expr -- evaluate arguments as an expression


expr arguments


expr evaluates its arguments as an expression and writes the result on the standard output. An expression that evaluates to a null string returns a newline.

expr is useful for performing variable arithmetic and other variable manipulation within shell scripts. The ``Examples'' section contains some ideas for the use of expr.

The expressions must conform to the following rules:

Parentheses, (), can be used for grouping; see the ``Examples'' section for the syntax.

The operators and keywords are listed in order of increasing precedence, with equal precedence operators grouped within curly braces { }:

arg | arg
Returns the evaluation of the first arg if it is neither null nor 0, otherwise returns the evaluation of the second arg.

arg & arg
Returns the evaluation of the first arg if neither arg is null nor 0, otherwise returns 0.

arg { =, ==, >, >=, <, <=, != } arg
Returns the result of an integer comparison if both arguments are integers, otherwise returns the result of a lexical comparison, as defined by the current locale. The result will be 1 if the expression is true and 0 if the expression is false. The double equals sign (==) does the same thing as the single equals sign (=); it is simply an alternative syntax.

arg { *, /, % } arg
Multiplication, division, or remainder of the integer-valued arguments.

arg { +, - } arg
Addition or subtraction of integer-valued arguments.

arg : arg
The matching operator (:) compares the string resulting from the evaluation of the first argument with the regular expression pattern resulting from evaluation of the second argument. The regular expression syntax is the same as that of ed(C), except that all patterns are ``anchored'' (that is, begin with a caret (^)) and therefore the caret is not a special character in that context. Normally the matching operator returns the number of characters matched (0 on failure). Alternatively, the \(...\) grouping operators can be used; expr returns the first grouped subexpression of the first argument (equivalent to \1; see regexp(M) for further information about basic regular expressions.)

match string rexp
The match operator is identical in function to the colon operator (:) described above, but with a different syntax.

substr string x y
The substring operator takes three arguments: a string, an integer index into the string, x; and the number of characters to return from the string, y. substr goes to the xth character in string and returns the next y characters. If y is greater than the number of remaining characters in the string, expr will return the remainder of the string. x must be an integer greater than 0; y must be a positive integer (0 is acceptable, if you want 0 as the result). See the following section for an example.

length string
The length operator returns the length (the number of characters) of string.

index string r [stuv]
The index operator returns an integer indicating the place of r in string. If r is not in string, 0 is returned. You can specify as many characters as you like in the second argument; expr will then take the first character which appears in string and return its place in the string as an integer. See the following section for an example.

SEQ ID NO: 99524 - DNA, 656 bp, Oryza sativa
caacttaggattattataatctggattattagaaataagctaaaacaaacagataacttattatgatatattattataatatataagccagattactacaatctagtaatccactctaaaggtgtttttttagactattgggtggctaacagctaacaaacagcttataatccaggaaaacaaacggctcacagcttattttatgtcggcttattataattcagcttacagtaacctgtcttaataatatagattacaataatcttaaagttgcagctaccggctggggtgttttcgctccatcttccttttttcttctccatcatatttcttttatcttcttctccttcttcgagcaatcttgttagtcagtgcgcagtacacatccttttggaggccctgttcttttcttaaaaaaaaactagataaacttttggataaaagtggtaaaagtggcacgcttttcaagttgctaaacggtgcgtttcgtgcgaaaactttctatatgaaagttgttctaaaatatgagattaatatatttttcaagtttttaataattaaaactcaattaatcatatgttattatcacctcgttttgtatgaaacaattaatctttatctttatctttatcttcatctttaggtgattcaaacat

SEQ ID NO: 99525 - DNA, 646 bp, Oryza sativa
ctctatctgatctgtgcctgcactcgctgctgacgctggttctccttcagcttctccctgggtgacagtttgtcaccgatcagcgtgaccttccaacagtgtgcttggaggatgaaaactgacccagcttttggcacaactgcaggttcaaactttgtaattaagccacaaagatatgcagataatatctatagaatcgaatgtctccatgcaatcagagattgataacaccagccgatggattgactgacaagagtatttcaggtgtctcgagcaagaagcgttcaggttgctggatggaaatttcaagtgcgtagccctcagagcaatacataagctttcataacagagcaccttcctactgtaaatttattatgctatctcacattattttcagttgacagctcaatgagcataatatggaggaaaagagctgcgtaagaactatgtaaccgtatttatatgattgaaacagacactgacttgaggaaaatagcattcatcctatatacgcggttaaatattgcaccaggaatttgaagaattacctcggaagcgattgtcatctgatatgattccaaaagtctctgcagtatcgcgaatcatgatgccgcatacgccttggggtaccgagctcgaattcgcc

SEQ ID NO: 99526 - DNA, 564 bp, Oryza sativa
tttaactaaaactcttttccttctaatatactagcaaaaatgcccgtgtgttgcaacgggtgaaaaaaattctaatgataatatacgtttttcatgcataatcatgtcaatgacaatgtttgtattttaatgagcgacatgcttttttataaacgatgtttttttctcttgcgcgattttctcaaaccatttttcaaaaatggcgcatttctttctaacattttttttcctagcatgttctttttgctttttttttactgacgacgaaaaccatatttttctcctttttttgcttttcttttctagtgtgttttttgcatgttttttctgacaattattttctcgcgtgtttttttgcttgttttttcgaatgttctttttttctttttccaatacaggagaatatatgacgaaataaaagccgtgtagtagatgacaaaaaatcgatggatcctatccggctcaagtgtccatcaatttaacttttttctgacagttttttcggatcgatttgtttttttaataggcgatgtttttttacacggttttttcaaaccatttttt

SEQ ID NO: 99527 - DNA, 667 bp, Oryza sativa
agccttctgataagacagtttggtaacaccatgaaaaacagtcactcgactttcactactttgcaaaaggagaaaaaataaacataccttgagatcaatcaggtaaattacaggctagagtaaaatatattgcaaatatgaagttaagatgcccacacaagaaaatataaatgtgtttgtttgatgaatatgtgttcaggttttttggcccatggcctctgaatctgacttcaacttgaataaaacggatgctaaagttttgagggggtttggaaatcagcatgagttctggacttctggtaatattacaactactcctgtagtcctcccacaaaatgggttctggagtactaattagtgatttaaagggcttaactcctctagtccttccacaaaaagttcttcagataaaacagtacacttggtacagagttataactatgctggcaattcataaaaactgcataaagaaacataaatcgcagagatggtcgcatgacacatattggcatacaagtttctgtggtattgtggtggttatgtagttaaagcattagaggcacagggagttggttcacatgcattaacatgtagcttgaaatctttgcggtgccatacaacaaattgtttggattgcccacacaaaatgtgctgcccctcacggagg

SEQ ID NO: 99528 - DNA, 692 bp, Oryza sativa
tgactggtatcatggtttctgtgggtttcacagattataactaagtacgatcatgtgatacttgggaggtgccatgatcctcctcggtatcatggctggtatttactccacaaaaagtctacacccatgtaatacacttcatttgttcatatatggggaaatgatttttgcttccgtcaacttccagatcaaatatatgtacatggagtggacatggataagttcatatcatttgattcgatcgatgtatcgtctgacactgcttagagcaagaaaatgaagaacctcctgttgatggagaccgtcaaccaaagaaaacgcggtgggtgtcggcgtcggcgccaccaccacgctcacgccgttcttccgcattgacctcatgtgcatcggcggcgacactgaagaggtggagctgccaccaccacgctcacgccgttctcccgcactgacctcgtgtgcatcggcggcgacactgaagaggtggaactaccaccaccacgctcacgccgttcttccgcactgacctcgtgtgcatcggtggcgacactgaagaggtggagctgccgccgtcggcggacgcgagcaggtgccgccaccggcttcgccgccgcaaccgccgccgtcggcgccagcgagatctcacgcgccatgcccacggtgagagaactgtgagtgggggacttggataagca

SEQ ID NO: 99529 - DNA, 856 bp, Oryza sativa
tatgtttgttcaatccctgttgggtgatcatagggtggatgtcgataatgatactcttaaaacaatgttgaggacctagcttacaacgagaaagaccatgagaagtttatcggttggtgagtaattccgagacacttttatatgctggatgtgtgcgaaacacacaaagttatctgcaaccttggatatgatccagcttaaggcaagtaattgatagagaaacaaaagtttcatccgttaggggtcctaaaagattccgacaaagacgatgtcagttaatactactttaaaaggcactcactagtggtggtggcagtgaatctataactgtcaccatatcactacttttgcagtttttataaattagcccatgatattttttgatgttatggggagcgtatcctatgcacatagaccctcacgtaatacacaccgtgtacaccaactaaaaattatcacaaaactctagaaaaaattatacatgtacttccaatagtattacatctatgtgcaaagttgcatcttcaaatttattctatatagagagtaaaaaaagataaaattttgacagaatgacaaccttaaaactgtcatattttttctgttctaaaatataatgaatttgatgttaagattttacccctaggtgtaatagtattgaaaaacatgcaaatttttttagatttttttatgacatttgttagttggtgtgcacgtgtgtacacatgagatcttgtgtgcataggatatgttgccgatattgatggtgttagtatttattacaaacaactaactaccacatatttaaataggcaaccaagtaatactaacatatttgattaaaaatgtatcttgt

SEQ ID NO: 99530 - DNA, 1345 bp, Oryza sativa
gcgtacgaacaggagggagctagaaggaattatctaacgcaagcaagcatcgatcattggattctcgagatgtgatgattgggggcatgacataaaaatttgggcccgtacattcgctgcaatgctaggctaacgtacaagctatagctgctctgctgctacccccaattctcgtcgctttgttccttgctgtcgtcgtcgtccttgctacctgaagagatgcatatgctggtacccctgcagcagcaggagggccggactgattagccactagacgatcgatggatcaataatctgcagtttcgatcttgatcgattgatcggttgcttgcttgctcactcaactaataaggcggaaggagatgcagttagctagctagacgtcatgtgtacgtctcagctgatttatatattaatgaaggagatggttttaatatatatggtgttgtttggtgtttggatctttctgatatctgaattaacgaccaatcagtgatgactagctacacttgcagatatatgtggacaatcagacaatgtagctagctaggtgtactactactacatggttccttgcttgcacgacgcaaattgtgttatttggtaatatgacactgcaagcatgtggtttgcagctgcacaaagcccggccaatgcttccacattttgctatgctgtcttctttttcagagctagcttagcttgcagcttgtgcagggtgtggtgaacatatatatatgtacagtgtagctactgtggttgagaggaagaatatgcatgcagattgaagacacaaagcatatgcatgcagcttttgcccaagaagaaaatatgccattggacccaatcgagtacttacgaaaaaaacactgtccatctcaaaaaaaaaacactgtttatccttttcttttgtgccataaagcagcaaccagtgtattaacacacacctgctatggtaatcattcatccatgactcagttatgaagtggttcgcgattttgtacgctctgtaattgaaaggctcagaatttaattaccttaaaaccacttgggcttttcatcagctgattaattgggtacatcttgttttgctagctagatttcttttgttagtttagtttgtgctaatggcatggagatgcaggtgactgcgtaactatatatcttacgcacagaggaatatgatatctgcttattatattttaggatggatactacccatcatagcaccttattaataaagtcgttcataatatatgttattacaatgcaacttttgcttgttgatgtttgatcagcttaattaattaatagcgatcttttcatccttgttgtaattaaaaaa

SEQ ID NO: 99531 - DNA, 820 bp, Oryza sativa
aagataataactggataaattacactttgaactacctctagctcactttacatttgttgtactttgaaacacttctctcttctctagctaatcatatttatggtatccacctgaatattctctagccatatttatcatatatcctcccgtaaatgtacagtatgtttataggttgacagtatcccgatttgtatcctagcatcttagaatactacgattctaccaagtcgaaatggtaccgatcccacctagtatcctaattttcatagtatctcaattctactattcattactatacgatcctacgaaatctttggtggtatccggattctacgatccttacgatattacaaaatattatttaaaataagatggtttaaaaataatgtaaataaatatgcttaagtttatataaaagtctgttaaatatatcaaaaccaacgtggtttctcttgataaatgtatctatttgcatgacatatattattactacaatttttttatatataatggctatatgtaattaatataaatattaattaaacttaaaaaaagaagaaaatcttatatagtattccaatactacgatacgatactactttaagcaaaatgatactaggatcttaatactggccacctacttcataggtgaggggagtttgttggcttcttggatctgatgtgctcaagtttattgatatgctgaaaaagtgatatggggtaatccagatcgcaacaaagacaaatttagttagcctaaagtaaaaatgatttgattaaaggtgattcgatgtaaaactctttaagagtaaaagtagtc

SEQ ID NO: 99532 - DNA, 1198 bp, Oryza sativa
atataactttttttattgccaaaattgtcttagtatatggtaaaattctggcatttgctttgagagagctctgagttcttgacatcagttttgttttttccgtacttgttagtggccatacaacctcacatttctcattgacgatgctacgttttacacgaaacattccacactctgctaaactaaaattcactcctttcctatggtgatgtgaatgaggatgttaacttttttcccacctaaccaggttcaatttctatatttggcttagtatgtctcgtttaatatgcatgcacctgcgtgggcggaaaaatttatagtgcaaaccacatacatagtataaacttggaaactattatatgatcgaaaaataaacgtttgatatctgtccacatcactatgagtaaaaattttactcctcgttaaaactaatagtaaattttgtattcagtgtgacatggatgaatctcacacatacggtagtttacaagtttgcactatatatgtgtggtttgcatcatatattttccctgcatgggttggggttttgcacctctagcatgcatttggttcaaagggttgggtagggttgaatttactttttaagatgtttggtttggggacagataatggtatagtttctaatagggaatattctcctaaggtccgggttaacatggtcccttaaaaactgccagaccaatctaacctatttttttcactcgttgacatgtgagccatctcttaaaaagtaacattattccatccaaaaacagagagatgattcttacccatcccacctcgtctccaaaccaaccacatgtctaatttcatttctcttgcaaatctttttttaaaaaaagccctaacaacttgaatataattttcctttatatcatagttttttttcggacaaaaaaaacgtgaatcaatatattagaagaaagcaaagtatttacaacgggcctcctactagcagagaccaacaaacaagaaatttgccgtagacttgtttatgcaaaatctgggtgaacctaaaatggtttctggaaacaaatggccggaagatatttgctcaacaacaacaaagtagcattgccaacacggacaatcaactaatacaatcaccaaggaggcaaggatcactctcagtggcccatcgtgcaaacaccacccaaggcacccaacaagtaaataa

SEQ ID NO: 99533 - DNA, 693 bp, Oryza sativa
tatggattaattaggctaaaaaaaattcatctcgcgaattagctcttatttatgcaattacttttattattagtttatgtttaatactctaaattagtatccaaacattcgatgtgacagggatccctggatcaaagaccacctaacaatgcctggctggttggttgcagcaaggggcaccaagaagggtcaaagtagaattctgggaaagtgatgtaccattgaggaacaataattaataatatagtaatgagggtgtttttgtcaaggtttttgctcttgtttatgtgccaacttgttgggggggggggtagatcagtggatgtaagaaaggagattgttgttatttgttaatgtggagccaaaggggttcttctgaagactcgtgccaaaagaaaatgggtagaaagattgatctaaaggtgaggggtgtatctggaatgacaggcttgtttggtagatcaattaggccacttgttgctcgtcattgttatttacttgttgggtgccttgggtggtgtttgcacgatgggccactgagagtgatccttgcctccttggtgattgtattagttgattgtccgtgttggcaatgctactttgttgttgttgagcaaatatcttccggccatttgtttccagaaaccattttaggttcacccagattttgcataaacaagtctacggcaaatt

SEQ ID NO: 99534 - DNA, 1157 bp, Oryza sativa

Exit values

As a side effect of expression evaluation, expr returns the following exit values:

if the expression is neither null nor zero

if the expression is null or zero

for invalid expressions

an error occurred


syntax error
for operator/operand errors, including unset variables

nonnumeric argument
if arithmetic is attempted on a nonnumeric string


This is an example of how expr can be used in a shell script to do variable arithmetic:
   a=`expr $a + 1`
   echo $a
Parentheses can be placed around the part of an expression you want evaluated first. Be careful with the syntax; the backslashes and whitespace are essential:
   expr \( 1 + 2 \) \* 10
The matching operator in expr (: or match) can be used to return a portion of a pathname:
   expr $a : '.*/\(.*\)'
basename(C) does the same thing, however, and uses a simpler syntax:
   basename $a
You can use the length operator to check the length of a string variable, and assign this value to another variable:
   b=`expr length $a`
   echo $b
The substring (substr) operator pulls out a specific part of a string:
   expr substr mongoose 4 7
Here, the expr substring operator returns a substring of ``mongoose'' specified by 4 (start from the fourth character) and 7 (give me the next seven characters). Note that there are not seven more characters in ``mongoose'' from the ``g'', so expr only returns what is left.

The index operator tells you the place of a character in a string:

   expr index wombat zoqb
In this example, the index operator takes the ``o'', the first character that is actually in the string ``wombat'', and returns its place in the string. expr index wombat o would have the same result.


expr has a tricky syntax; you are recommended to use a liberal amount of whitespace.

Many expr operators are interpreted as metacharacters by the shell unless they are escaped using backslash or single quotes.

After argument processing by the shell, expr cannot tell the difference between an operator and an operand except by the value. If $a is an equals sign (=), the command:

   expr  $a  =  "="
looks like:
   expr  =  =  =
The arguments are passed to expr and will all be taken as the = operator. The following permits comparing equals signs:
   expr  X$a  =  X=

See also

awk(C), basename(C), bc(C), dd(C), locale(M), sh(C)

Standards conformance

expr is conformant with:

ISO/IEC DIS 9945-2:1992, Information technology - Portable Operating System Interface (POSIX) - Part 2: Shell and Utilities (IEEE Std 1003.2-1992);
AT&T SVID Issue 2;
X/Open CAE Specification, Commands and Utilities, Issue 4, 1992.

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